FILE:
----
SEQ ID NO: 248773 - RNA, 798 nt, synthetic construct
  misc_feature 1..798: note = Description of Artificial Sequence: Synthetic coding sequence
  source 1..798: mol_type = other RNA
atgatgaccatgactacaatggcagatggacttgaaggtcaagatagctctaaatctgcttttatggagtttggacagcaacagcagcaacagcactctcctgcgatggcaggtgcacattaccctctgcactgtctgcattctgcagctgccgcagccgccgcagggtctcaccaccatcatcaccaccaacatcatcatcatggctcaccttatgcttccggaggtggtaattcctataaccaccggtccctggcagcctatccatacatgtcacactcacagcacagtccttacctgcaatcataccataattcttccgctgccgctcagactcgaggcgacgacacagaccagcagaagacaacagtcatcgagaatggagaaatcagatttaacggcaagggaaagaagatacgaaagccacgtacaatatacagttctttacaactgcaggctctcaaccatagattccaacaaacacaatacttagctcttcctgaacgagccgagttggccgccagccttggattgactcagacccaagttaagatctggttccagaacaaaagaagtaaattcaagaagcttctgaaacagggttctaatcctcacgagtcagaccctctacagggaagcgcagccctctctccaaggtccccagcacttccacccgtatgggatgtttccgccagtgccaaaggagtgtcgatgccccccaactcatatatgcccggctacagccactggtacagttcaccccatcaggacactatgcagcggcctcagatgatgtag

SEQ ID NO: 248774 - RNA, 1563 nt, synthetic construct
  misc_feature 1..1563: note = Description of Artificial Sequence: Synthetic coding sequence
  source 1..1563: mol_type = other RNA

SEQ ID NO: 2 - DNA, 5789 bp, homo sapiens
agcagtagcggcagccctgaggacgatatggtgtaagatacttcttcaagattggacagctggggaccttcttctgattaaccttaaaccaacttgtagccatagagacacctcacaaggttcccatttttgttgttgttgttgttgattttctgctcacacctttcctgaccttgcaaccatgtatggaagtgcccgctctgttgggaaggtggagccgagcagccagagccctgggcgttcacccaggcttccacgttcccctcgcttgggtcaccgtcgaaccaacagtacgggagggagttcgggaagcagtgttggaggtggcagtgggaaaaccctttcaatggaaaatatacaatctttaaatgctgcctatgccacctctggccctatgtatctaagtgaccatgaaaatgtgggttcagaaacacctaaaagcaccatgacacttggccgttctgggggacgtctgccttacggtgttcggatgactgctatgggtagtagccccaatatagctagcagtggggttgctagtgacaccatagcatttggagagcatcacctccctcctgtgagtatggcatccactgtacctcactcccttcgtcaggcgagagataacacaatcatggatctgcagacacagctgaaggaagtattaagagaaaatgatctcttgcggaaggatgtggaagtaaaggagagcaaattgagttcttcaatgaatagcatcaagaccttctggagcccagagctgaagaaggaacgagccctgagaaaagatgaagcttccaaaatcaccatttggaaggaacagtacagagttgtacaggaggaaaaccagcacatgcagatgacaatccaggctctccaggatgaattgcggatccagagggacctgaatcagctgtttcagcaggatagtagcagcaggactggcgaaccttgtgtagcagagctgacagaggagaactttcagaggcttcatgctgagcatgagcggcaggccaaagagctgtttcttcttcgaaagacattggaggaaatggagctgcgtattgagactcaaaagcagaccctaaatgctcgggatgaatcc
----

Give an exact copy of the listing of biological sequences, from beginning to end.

SEQ ID NO: 248773 - RNA, 798 nt, synthetic construct
  misc_feature 1..798: note = Description of Artificial Sequence: Synthetic coding sequence
  source 1..798: mol_type = other RNA
atgatgaccatgactacaatggcagatggacttgaaggtcaagatagctctaaatctgcttttatggagtttggacagcaacagcagcaacagcactctcctgcgatggcaggtgcacattaccctctgcactgtctgcattctgcagctgccgcagccgccgcagggtctcaccaccatcatcaccaccaacatcatcatcatggctcaccttatgcttccggaggtggtaattcctataaccaccggtccctggcagcctatccatacatgtcacactcacagcacagtccttacctgcaatcataccataattcttccgctgccgctcagactcgaggcgacgacacagaccagcagaagacaacagtcatcgagaatggagaaatcagatttaacggcaagggaaagaagatacgaaagccacgtacaatatacagttctttacaactgcaggctctcaaccatagattccaacaaacacaatacttagctcttcctgaacgagccgagttggccgccagccttggattgactcagacccaagttaagatctggttccagaacaaaagaagtaaattcaagaagcttctgaaacagggttctaatcctcacgagtcagaccctctacagggaagcgcagccctctctccaaggtccccagcacttccacccgtatgggatgtttccgccagtgccaaaggagtgtcgatgccccccaactcatatatgcccggctacagccactggtacagttcaccccatcaggacactatgcagcggcctcagatgatgtag

SEQ ID NO: 248774 - RNA, 1563 nt, synthetic construct
  misc_feature 1..1563: note = Description of Artificial Sequence: Synthetic coding sequence
  source 1..1563: mol_type = other RNA

SEQ ID NO: 2 - DNA, 5789 bp, homo sapiens
agcagtagcggcagccctgaggacgatatggtgtaagatacttcttcaagattggacagctggggaccttcttctgattaaccttaaaccaacttgtagccatagagacacctcacaaggttcccatttttgttgttgttgttgttgattttctgctcacacctttcctgaccttgcaaccatgtatggaagtgcccgctctgttgggaaggtggagccgagcagccagagccctgggcgttcacccaggcttccacgttcccctcgcttgggtcaccgtcgaaccaacagtacgggagggagttcgggaagcagtgttggaggtggcagtgggaaaaccctttcaatggaaaatatacaatctttaaatgctgcctatgccacctctggccctatgtatctaagtgaccatgaaaatgtgggttcagaaacacctaaaagcaccatgacacttggccgttctgggggacgtctgccttacggtgttcggatgactgctatgggtagtagccccaatatagctagcagtggggttgctagtgacaccatagcatttggagagcatcacctccctcctgtgagtatggcatccactgtacctcactcccttcgtcaggcgagagataacacaatcatggatctgcagacacagctgaaggaagtattaagagaaaatgatctcttgcggaaggatgtggaagtaaaggagagcaaattgagttcttcaatgaatagcatcaagaccttctggagcccagagctgaagaaggaacgagccctgagaaaagatgaagcttccaaaatcaccatttggaaggaacagtacagagttgtacaggaggaaaaccagcacatgcagatgacaatccaggctctccaggatgaattgcggatccagagggacctgaatcagctgtttcagcaggatagtagcagcaggactggcgaaccttgtgtagcagagctgacagaggagaactttcagaggcttcatgctgagcatgagcggcaggccaaagagctgtttcttcttcgaaagacattggaggaaatggagctgcgtattgagactcaaaagcagaccctaaatgctcgggatgaatcc